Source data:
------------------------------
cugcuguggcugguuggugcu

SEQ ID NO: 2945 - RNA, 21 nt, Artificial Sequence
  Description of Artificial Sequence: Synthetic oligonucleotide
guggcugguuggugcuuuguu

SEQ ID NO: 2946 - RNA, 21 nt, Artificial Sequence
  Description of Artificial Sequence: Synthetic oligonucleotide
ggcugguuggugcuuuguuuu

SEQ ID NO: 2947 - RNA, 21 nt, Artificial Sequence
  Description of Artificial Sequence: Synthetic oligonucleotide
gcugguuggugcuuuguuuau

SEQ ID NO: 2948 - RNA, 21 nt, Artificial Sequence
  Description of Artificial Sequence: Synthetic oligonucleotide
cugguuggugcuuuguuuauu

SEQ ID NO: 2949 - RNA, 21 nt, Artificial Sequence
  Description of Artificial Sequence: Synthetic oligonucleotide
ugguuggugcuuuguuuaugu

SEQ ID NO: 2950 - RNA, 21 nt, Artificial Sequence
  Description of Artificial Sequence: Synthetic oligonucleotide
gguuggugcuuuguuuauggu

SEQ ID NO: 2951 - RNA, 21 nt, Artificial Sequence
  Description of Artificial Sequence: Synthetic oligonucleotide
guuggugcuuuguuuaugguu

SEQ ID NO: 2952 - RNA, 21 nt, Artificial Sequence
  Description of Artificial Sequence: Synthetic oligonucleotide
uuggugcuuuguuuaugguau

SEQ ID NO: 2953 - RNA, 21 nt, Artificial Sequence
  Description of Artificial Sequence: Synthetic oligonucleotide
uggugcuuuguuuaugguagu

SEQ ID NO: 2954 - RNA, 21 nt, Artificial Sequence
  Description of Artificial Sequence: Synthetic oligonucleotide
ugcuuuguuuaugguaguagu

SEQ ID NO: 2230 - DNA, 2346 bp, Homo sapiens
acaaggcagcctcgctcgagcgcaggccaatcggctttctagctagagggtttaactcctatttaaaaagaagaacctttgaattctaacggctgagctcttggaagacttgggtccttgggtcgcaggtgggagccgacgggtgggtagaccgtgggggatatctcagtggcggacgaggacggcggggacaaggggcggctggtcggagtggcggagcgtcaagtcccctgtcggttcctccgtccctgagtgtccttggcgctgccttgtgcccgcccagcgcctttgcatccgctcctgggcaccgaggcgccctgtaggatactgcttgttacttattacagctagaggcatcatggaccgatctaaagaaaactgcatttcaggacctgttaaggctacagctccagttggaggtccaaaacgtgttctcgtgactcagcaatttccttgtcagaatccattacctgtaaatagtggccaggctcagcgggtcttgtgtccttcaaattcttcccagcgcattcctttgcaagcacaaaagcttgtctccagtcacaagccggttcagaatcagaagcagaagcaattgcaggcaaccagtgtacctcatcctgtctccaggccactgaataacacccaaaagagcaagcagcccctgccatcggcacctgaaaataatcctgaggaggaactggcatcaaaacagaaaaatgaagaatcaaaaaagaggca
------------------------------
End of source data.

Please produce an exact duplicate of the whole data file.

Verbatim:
cugcuguggcugguuggugcu

SEQ ID NO: 2945 - RNA, 21 nt, Artificial Sequence
  Description of Artificial Sequence: Synthetic oligonucleotide
guggcugguuggugcuuuguu

SEQ ID NO: 2946 - RNA, 21 nt, Artificial Sequence
  Description of Artificial Sequence: Synthetic oligonucleotide
ggcugguuggugcuuuguuuu

SEQ ID NO: 2947 - RNA, 21 nt, Artificial Sequence
  Description of Artificial Sequence: Synthetic oligonucleotide
gcugguuggugcuuuguuuau

SEQ ID NO: 2948 - RNA, 21 nt, Artificial Sequence
  Description of Artificial Sequence: Synthetic oligonucleotide
cugguuggugcuuuguuuauu

SEQ ID NO: 2949 - RNA, 21 nt, Artificial Sequence
  Description of Artificial Sequence: Synthetic oligonucleotide
ugguuggugcuuuguuuaugu

SEQ ID NO: 2950 - RNA, 21 nt, Artificial Sequence
  Description of Artificial Sequence: Synthetic oligonucleotide
gguuggugcuuuguuuauggu

SEQ ID NO: 2951 - RNA, 21 nt, Artificial Sequence
  Description of Artificial Sequence: Synthetic oligonucleotide
guuggugcuuuguuuaugguu

SEQ ID NO: 2952 - RNA, 21 nt, Artificial Sequence
  Description of Artificial Sequence: Synthetic oligonucleotide
uuggugcuuuguuuaugguau

SEQ ID NO: 2953 - RNA, 21 nt, Artificial Sequence
  Description of Artificial Sequence: Synthetic oligonucleotide
uggugcuuuguuuaugguagu

SEQ ID NO: 2954 - RNA, 21 nt, Artificial Sequence
  Description of Artificial Sequence: Synthetic oligonucleotide
ugcuuuguuuaugguaguagu

SEQ ID NO: 2230 - DNA, 2346 bp, Homo sapiens
acaaggcagcctcgctcgagcgcaggccaatcggctttctagctagagggtttaactcctatttaaaaagaagaacctttgaattctaacggctgagctcttggaagacttgggtccttgggtcgcaggtgggagccgacgggtgggtagaccgtgggggatatctcagtggcggacgaggacggcggggacaaggggcggctggtcggagtggcggagcgtcaagtcccctgtcggttcctccgtccctgagtgtccttggcgctgccttgtgcccgcccagcgcctttgcatccgctcctgggcaccgaggcgccctgtaggatactgcttgttacttattacagctagaggcatcatggaccgatctaaagaaaactgcatttcaggacctgttaaggctacagctccagttggaggtccaaaacgtgttctcgtgactcagcaatttccttgtcagaatccattacctgtaaatagtggccaggctcagcgggtcttgtgtccttcaaattcttcccagcgcattcctttgcaagcacaaaagcttgtctccagtcacaagccggttcagaatcagaagcagaagcaattgcaggcaaccagtgtacctcatcctgtctccaggccactgaataacacccaaaagagcaagcagcccctgccatcggcacctgaaaataatcctgaggaggaactggcatcaaaacagaaaaatgaagaatcaaaaaagaggca